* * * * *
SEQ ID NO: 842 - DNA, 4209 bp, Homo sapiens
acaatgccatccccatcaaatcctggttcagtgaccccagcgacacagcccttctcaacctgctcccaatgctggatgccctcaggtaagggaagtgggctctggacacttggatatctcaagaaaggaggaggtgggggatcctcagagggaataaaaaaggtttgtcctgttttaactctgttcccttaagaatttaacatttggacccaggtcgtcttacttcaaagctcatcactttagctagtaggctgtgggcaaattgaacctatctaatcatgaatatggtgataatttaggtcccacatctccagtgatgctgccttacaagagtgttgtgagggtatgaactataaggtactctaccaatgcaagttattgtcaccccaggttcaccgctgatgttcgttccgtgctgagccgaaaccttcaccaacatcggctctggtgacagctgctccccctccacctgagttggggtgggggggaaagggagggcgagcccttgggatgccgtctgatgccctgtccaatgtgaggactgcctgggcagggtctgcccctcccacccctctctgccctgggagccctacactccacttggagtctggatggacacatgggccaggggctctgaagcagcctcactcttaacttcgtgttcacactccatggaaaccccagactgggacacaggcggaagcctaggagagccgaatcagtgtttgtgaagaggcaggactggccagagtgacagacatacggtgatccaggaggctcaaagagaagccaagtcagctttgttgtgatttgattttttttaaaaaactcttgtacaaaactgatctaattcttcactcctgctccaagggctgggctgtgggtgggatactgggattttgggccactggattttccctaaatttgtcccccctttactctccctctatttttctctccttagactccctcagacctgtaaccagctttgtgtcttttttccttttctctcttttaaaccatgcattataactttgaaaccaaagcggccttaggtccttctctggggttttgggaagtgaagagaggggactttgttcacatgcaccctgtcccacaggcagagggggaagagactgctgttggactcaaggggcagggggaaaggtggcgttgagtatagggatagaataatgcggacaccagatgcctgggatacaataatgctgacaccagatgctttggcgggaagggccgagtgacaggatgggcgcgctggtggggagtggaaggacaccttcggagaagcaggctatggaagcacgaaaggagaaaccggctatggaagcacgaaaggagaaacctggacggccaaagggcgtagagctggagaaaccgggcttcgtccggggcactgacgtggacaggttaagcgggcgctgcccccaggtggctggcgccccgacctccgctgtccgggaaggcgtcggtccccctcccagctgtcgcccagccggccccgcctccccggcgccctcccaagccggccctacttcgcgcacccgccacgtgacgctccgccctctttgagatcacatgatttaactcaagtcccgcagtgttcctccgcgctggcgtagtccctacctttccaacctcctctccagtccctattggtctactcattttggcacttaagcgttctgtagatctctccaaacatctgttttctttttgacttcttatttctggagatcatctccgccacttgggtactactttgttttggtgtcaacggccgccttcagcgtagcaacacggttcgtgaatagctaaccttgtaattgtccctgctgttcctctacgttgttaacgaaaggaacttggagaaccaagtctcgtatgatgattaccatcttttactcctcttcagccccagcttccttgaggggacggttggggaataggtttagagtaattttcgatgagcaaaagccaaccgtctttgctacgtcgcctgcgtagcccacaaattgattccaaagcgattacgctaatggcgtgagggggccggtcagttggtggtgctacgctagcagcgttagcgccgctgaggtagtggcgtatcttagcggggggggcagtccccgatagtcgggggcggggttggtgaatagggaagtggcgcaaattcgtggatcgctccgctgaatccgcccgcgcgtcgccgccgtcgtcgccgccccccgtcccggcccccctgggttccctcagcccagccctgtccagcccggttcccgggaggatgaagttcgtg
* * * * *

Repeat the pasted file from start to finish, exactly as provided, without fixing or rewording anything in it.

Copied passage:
SEQ ID NO: 842 - DNA, 4209 bp, Homo sapiens
acaatgccatccccatcaaatcctggttcagtgaccccagcgacacagcccttctcaacctgctcccaatgctggatgccctcaggtaagggaagtgggctctggacacttggatatctcaagaaaggaggaggtgggggatcctcagagggaataaaaaaggtttgtcctgttttaactctgttcccttaagaatttaacatttggacccaggtcgtcttacttcaaagctcatcactttagctagtaggctgtgggcaaattgaacctatctaatcatgaatatggtgataatttaggtcccacatctccagtgatgctgccttacaagagtgttgtgagggtatgaactataaggtactctaccaatgcaagttattgtcaccccaggttcaccgctgatgttcgttccgtgctgagccgaaaccttcaccaacatcggctctggtgacagctgctccccctccacctgagttggggtgggggggaaagggagggcgagcccttgggatgccgtctgatgccctgtccaatgtgaggactgcctgggcagggtctgcccctcccacccctctctgccctgggagccctacactccacttggagtctggatggacacatgggccaggggctctgaagcagcctcactcttaacttcgtgttcacactccatggaaaccccagactgggacacaggcggaagcctaggagagccgaatcagtgtttgtgaagaggcaggactggccagagtgacagacatacggtgatccaggaggctcaaagagaagccaagtcagctttgttgtgatttgattttttttaaaaaactcttgtacaaaactgatctaattcttcactcctgctccaagggctgggctgtgggtgggatactgggattttgggccactggattttccctaaatttgtcccccctttactctccctctatttttctctccttagactccctcagacctgtaaccagctttgtgtcttttttccttttctctcttttaaaccatgcattataactttgaaaccaaagcggccttaggtccttctctggggttttgggaagtgaagagaggggactttgttcacatgcaccctgtcccacaggcagagggggaagagactgctgttggactcaaggggcagggggaaaggtggcgttgagtatagggatagaataatgcggacaccagatgcctgggatacaataatgctgacaccagatgctttggcgggaagggccgagtgacaggatgggcgcgctggtggggagtggaaggacaccttcggagaagcaggctatggaagcacgaaaggagaaaccggctatggaagcacgaaaggagaaacctggacggccaaagggcgtagagctggagaaaccgggcttcgtccggggcactgacgtggacaggttaagcgggcgctgcccccaggtggctggcgccccgacctccgctgtccgggaaggcgtcggtccccctcccagctgtcgcccagccggccccgcctccccggcgccctcccaagccggccctacttcgcgcacccgccacgtgacgctccgccctctttgagatcacatgatttaactcaagtcccgcagtgttcctccgcgctggcgtagtccctacctttccaacctcctctccagtccctattggtctactcattttggcacttaagcgttctgtagatctctccaaacatctgttttctttttgacttcttatttctggagatcatctccgccacttgggtactactttgttttggtgtcaacggccgccttcagcgtagcaacacggttcgtgaatagctaaccttgtaattgtccctgctgttcctctacgttgttaacgaaaggaacttggagaaccaagtctcgtatgatgattaccatcttttactcctcttcagccccagcttccttgaggggacggttggggaataggtttagagtaattttcgatgagcaaaagccaaccgtctttgctacgtcgcctgcgtagcccacaaattgattccaaagcgattacgctaatggcgtgagggggccggtcagttggtggtgctacgctagcagcgttagcgccgctgaggtagtggcgtatcttagcggggggggcagtccccgatagtcgggggcggggttggtgaatagggaagtggcgcaaattcgtggatcgctccgctgaatccgcccgcgcgtcgccgccgtcgtcgccgccccccgtcccggcccccctgggttccctcagcccagccctgtccagcccggttcccgggaggatgaagttcgtg